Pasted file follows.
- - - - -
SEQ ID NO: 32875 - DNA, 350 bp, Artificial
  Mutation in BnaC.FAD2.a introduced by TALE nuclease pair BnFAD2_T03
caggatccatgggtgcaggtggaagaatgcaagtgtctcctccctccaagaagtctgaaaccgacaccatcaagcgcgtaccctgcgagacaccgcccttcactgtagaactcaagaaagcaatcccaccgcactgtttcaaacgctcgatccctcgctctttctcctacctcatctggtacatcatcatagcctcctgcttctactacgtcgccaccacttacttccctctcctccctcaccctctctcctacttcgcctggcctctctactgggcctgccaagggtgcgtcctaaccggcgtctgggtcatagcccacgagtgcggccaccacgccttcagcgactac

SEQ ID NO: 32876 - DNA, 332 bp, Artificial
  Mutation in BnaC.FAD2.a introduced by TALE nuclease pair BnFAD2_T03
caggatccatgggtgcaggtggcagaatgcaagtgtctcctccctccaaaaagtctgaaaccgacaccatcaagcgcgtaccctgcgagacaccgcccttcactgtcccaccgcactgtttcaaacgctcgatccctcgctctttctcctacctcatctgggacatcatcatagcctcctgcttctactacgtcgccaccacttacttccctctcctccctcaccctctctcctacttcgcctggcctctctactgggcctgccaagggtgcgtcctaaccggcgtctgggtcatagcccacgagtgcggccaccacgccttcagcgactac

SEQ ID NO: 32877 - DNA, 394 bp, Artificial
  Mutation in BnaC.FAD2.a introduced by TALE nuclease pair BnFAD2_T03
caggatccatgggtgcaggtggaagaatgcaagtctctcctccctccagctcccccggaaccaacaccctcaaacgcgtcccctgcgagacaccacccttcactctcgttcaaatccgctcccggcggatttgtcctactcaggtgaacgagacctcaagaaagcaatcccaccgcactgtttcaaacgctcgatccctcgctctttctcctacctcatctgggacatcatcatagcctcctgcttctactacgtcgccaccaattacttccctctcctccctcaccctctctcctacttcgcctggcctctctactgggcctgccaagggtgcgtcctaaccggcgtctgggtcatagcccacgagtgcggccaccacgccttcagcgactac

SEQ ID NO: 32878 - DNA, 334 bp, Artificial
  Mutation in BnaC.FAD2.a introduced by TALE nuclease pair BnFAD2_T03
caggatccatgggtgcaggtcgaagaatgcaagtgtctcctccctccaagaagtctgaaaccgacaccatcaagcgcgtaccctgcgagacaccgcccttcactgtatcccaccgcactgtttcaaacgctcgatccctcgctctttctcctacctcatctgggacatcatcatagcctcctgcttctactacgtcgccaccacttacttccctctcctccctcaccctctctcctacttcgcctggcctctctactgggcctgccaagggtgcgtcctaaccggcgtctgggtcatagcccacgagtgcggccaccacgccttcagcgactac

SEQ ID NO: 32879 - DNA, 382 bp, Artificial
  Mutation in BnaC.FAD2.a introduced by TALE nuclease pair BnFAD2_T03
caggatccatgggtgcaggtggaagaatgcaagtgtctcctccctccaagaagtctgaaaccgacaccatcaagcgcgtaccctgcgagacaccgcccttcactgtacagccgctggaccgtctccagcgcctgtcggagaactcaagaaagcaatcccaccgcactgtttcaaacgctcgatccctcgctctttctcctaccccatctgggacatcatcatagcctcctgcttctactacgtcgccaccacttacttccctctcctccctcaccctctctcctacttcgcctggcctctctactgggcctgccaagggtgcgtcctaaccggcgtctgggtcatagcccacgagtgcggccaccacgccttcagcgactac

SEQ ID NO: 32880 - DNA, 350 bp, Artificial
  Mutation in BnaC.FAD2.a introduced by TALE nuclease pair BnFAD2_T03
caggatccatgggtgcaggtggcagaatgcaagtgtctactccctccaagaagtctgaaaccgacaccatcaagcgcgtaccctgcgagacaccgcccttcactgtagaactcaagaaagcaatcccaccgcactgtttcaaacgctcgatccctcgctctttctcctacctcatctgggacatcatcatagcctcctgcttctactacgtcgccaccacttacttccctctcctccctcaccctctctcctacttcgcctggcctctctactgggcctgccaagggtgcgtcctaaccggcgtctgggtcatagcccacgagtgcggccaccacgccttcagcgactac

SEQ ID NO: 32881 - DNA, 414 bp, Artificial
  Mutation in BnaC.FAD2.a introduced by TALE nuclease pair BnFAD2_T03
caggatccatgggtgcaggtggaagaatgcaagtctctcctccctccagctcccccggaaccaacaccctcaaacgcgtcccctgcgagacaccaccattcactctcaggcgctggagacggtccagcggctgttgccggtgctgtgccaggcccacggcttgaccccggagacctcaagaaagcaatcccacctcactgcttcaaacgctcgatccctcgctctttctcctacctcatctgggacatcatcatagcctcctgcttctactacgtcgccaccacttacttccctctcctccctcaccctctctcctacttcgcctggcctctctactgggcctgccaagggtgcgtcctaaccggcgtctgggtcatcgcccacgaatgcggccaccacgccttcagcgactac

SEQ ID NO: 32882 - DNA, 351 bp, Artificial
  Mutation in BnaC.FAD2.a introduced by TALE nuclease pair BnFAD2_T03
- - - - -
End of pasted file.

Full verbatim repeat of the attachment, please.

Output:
SEQ ID NO: 32875 - DNA, 350 bp, Artificial
  Mutation in BnaC.FAD2.a introduced by TALE nuclease pair BnFAD2_T03
caggatccatgggtgcaggtggaagaatgcaagtgtctcctccctccaagaagtctgaaaccgacaccatcaagcgcgtaccctgcgagacaccgcccttcactgtagaactcaagaaagcaatcccaccgcactgtttcaaacgctcgatccctcgctctttctcctacctcatctggtacatcatcatagcctcctgcttctactacgtcgccaccacttacttccctctcctccctcaccctctctcctacttcgcctggcctctctactgggcctgccaagggtgcgtcctaaccggcgtctgggtcatagcccacgagtgcggccaccacgccttcagcgactac

SEQ ID NO: 32876 - DNA, 332 bp, Artificial
  Mutation in BnaC.FAD2.a introduced by TALE nuclease pair BnFAD2_T03
caggatccatgggtgcaggtggcagaatgcaagtgtctcctccctccaaaaagtctgaaaccgacaccatcaagcgcgtaccctgcgagacaccgcccttcactgtcccaccgcactgtttcaaacgctcgatccctcgctctttctcctacctcatctgggacatcatcatagcctcctgcttctactacgtcgccaccacttacttccctctcctccctcaccctctctcctacttcgcctggcctctctactgggcctgccaagggtgcgtcctaaccggcgtctgggtcatagcccacgagtgcggccaccacgccttcagcgactac

SEQ ID NO: 32877 - DNA, 394 bp, Artificial
  Mutation in BnaC.FAD2.a introduced by TALE nuclease pair BnFAD2_T03
caggatccatgggtgcaggtggaagaatgcaagtctctcctccctccagctcccccggaaccaacaccctcaaacgcgtcccctgcgagacaccacccttcactctcgttcaaatccgctcccggcggatttgtcctactcaggtgaacgagacctcaagaaagcaatcccaccgcactgtttcaaacgctcgatccctcgctctttctcctacctcatctgggacatcatcatagcctcctgcttctactacgtcgccaccaattacttccctctcctccctcaccctctctcctacttcgcctggcctctctactgggcctgccaagggtgcgtcctaaccggcgtctgggtcatagcccacgagtgcggccaccacgccttcagcgactac

SEQ ID NO: 32878 - DNA, 334 bp, Artificial
  Mutation in BnaC.FAD2.a introduced by TALE nuclease pair BnFAD2_T03
caggatccatgggtgcaggtcgaagaatgcaagtgtctcctccctccaagaagtctgaaaccgacaccatcaagcgcgtaccctgcgagacaccgcccttcactgtatcccaccgcactgtttcaaacgctcgatccctcgctctttctcctacctcatctgggacatcatcatagcctcctgcttctactacgtcgccaccacttacttccctctcctccctcaccctctctcctacttcgcctggcctctctactgggcctgccaagggtgcgtcctaaccggcgtctgggtcatagcccacgagtgcggccaccacgccttcagcgactac

SEQ ID NO: 32879 - DNA, 382 bp, Artificial
  Mutation in BnaC.FAD2.a introduced by TALE nuclease pair BnFAD2_T03
caggatccatgggtgcaggtggaagaatgcaagtgtctcctccctccaagaagtctgaaaccgacaccatcaagcgcgtaccctgcgagacaccgcccttcactgtacagccgctggaccgtctccagcgcctgtcggagaactcaagaaagcaatcccaccgcactgtttcaaacgctcgatccctcgctctttctcctaccccatctgggacatcatcatagcctcctgcttctactacgtcgccaccacttacttccctctcctccctcaccctctctcctacttcgcctggcctctctactgggcctgccaagggtgcgtcctaaccggcgtctgggtcatagcccacgagtgcggccaccacgccttcagcgactac

SEQ ID NO: 32880 - DNA, 350 bp, Artificial
  Mutation in BnaC.FAD2.a introduced by TALE nuclease pair BnFAD2_T03
caggatccatgggtgcaggtggcagaatgcaagtgtctactccctccaagaagtctgaaaccgacaccatcaagcgcgtaccctgcgagacaccgcccttcactgtagaactcaagaaagcaatcccaccgcactgtttcaaacgctcgatccctcgctctttctcctacctcatctgggacatcatcatagcctcctgcttctactacgtcgccaccacttacttccctctcctccctcaccctctctcctacttcgcctggcctctctactgggcctgccaagggtgcgtcctaaccggcgtctgggtcatagcccacgagtgcggccaccacgccttcagcgactac

SEQ ID NO: 32881 - DNA, 414 bp, Artificial
  Mutation in BnaC.FAD2.a introduced by TALE nuclease pair BnFAD2_T03
caggatccatgggtgcaggtggaagaatgcaagtctctcctccctccagctcccccggaaccaacaccctcaaacgcgtcccctgcgagacaccaccattcactctcaggcgctggagacggtccagcggctgttgccggtgctgtgccaggcccacggcttgaccccggagacctcaagaaagcaatcccacctcactgcttcaaacgctcgatccctcgctctttctcctacctcatctgggacatcatcatagcctcctgcttctactacgtcgccaccacttacttccctctcctccctcaccctctctcctacttcgcctggcctctctactgggcctgccaagggtgcgtcctaaccggcgtctgggtcatcgcccacgaatgcggccaccacgccttcagcgactac

SEQ ID NO: 32882 - DNA, 351 bp, Artificial
  Mutation in BnaC.FAD2.a introduced by TALE nuclease pair BnFAD2_T03